Vice-Presidential candidate, Kamala Harris (D-California), has been described as being a “historic pick” for running mate Joe Biden. While not an accomplishment, it is also notable that Mrs. Harris and her sister were the subjects of a contentious custody battle as a child. I can only speculate that experiences with justice, fairness and how the legal system/government operates were, in part, impressed on Mrs. Harris at a young age due to her parent’s divorce and the involvement of the courts. As a result of this court order, it appears that Mrs. Harris was raised primarily by a single mother with limited involvement of her father who never stopped trying to show his love, and be a part of her life.
This article is NOT to say or imply anything negative about Mrs. Harris’ family or her parents but to stress that the actions of family court, judges and it’s professionals, do have a lasting impact on children. That Kamala’s parents divorced in 1972 demonstrates that complaints about family court, and it’s treatment of litigants (parents) have a history spanning over 50 years. It also shows that anyone can be impacted, and even traumatized, by injustice in the family court system. There are widespread problems, and dysfunction, in the family court system that affect people of all ethnicities, socio-economic backgrounds, geographic regions and religious backgrounds. Both fathers and mothers are impacted, in different ways.
According to memoirs, Donald J. Harris, father of Mrs. Kamala Harris, was involved in family court litigation with his ex-wife that resulted in separation from his two daughters and caused stress on their relationship. Mr. Harris comments that he feels the family court decision was motivated by gender and racial bias. Despite the challenges, Mr. Harris worked to be a part of his daughter’s lives the best could, and never gave up on his love for them.
Harris writes in an essay Reflections of a Jamaican Father, “This early phase of interaction with my children came to an abrupt halt in 1972 when, after a hard-fought custody battle in the family court of Oakland, California, the context of the relationship was placed within arbitrary limits imposed by a court-ordered divorce settlement based on the false assumption by the State of California that fathers cannot handle parenting (especially in the case of this father, “a neegroe from da eyelans” was the Yankee stereotype, who might just end up eating his children for breakfast!).
Nevertheless, I persisted, never giving up on my love for my children or reneging on my responsibilities as their father…”
Donald J. Harris and Shyamala Gopalan met and fell in love while participating in the Civil Rights Movement. They were married for 7 years and had two children together. After the divorce in 1972, Kamala and her sister Maya were placed in the sole custody of their mother who raised both girls as a single parent. Kamala wrote in her memoir “The Truths We Hold” that she and her sister would visit their father dad “on weekends and spend summers with him in Palo Alto.” She also traveled to India and Jamaica to visit family on both sides.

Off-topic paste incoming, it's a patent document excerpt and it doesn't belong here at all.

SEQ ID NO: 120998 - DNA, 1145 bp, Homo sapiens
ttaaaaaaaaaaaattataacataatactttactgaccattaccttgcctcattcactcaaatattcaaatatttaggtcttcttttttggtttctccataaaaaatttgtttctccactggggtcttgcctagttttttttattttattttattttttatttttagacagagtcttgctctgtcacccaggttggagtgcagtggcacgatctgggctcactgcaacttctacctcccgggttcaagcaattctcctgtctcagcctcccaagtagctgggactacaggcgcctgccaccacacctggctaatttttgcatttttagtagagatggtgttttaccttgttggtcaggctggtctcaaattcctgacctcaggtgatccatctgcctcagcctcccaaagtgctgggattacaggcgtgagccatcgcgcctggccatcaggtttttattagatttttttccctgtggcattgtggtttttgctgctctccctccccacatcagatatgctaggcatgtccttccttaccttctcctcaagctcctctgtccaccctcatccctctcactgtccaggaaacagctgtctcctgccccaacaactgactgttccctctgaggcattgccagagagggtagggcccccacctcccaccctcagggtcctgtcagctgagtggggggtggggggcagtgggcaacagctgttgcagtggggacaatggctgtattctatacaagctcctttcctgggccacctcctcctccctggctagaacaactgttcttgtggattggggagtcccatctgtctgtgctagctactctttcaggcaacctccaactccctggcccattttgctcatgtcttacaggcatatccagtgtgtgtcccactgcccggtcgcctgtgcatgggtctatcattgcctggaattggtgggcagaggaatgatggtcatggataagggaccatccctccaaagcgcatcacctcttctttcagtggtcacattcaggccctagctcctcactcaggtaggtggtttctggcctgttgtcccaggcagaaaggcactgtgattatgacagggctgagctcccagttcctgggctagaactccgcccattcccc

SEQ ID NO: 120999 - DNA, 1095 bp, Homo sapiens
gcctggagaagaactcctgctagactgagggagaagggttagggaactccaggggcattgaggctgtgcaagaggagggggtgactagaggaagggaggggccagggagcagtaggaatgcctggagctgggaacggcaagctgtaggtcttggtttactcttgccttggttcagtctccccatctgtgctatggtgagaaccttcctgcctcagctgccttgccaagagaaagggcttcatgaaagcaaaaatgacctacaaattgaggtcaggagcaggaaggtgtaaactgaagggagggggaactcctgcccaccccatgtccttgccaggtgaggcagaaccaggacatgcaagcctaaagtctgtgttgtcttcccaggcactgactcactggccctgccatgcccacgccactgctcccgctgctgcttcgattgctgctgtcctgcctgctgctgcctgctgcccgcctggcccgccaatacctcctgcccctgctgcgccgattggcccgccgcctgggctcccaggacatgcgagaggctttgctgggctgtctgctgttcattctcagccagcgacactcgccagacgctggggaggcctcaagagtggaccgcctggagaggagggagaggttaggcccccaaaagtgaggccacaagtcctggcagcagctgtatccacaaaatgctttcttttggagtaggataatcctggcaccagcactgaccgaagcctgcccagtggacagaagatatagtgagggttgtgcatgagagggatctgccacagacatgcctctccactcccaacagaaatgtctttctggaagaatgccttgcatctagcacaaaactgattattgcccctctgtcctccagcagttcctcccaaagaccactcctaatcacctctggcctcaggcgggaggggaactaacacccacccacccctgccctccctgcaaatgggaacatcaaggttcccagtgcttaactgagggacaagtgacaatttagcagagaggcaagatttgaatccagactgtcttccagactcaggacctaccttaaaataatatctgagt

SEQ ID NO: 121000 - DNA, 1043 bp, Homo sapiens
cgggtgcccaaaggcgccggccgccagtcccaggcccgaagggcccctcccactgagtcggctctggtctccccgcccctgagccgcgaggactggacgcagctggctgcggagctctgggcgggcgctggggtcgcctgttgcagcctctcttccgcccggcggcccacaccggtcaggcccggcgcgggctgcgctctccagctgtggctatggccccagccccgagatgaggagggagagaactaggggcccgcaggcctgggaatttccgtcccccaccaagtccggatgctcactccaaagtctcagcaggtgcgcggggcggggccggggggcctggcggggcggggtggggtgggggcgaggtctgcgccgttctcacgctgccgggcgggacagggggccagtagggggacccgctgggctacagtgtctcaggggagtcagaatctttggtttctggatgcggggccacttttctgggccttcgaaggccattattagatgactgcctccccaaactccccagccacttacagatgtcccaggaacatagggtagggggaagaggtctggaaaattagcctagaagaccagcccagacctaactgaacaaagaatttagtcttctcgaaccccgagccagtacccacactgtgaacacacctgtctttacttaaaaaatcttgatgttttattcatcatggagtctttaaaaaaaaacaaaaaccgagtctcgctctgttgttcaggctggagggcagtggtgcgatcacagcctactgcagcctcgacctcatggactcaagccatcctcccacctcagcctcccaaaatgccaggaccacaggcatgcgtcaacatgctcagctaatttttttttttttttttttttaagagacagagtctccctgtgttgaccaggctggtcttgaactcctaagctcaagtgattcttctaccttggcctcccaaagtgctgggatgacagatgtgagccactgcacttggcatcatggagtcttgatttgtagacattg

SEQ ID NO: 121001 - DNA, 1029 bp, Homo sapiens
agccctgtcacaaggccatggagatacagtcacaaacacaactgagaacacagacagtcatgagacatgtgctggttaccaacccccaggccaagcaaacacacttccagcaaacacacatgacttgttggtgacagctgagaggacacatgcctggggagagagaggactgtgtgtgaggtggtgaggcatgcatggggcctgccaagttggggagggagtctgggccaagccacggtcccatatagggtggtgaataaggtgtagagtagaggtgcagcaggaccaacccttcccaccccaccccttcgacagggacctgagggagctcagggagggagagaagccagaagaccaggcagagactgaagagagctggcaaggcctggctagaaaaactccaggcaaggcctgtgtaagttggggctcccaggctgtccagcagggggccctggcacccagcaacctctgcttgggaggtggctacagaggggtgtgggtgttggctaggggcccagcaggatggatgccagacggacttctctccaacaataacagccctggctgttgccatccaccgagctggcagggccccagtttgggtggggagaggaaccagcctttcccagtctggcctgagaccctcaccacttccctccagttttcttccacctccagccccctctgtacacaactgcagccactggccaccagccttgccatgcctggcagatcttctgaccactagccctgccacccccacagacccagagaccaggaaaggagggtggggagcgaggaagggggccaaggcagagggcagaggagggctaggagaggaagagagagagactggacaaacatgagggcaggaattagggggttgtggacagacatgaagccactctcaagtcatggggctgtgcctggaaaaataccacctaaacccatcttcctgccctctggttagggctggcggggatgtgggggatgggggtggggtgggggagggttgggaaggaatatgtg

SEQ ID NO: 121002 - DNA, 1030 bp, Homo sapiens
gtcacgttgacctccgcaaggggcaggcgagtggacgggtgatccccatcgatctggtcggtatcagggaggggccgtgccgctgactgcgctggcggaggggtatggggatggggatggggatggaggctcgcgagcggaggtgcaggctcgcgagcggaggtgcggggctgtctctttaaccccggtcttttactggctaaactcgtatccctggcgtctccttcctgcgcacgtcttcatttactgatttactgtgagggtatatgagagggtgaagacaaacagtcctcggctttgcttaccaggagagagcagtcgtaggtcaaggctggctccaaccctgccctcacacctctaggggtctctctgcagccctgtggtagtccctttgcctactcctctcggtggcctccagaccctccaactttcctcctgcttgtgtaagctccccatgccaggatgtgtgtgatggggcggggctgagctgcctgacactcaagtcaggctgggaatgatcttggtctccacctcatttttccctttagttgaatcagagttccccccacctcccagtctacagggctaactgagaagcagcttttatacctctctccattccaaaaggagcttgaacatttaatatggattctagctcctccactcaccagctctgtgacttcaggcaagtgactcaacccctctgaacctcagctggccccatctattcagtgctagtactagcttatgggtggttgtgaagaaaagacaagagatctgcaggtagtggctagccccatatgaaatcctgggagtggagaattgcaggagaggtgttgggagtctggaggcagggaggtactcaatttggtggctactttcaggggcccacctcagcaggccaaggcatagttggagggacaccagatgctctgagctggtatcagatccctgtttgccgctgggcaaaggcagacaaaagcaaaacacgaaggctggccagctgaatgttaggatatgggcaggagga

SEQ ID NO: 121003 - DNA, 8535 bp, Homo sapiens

Mr. Harris was born in Jamaica and later became a naturalized American citizen. He is a former economics professor and an economic consultant to the Jamaican government. Mother, Shyamala Gopalan, is an Indian immigrant who worked as a cancer researcher. She passed away in 2009.
Mr. Harris’ essay also raises an important issue that is often overlooked in family court – that children not only form relationships with parents but also form relationships and develop an identity by participating in the cultural and spiritual background of their respective parents. Again, not saying this is true with the Harris family, just making an observation and reflecting on some of my experiences in family court. For children to feel a part of their culture, they need to have frequent or ongoing contact with it’s traditions, norms and practices. Family court orders that limit or eliminate parental contact also take a child out of their culture, and can cause a loss of identity. When judges make decisions they need to consider cultural factors and take care that children are not estranged from their cultural heritage as a result of their rulings.
In the essay, Mr. Harris shares family history and stories. He writes, “As a child growing up in Jamaica, I often heard it said, by my parents and family friends: “memba whe yu cum fram”. To this day, I continue to retain the deep social awareness and strong sense of identity which that grassroots Jamaican philosophy fed in me. As a father, I naturally sought to develop the same sensibility in my two daughters…” Mr. Harris comments that he now enjoys a closer relationship with his children.
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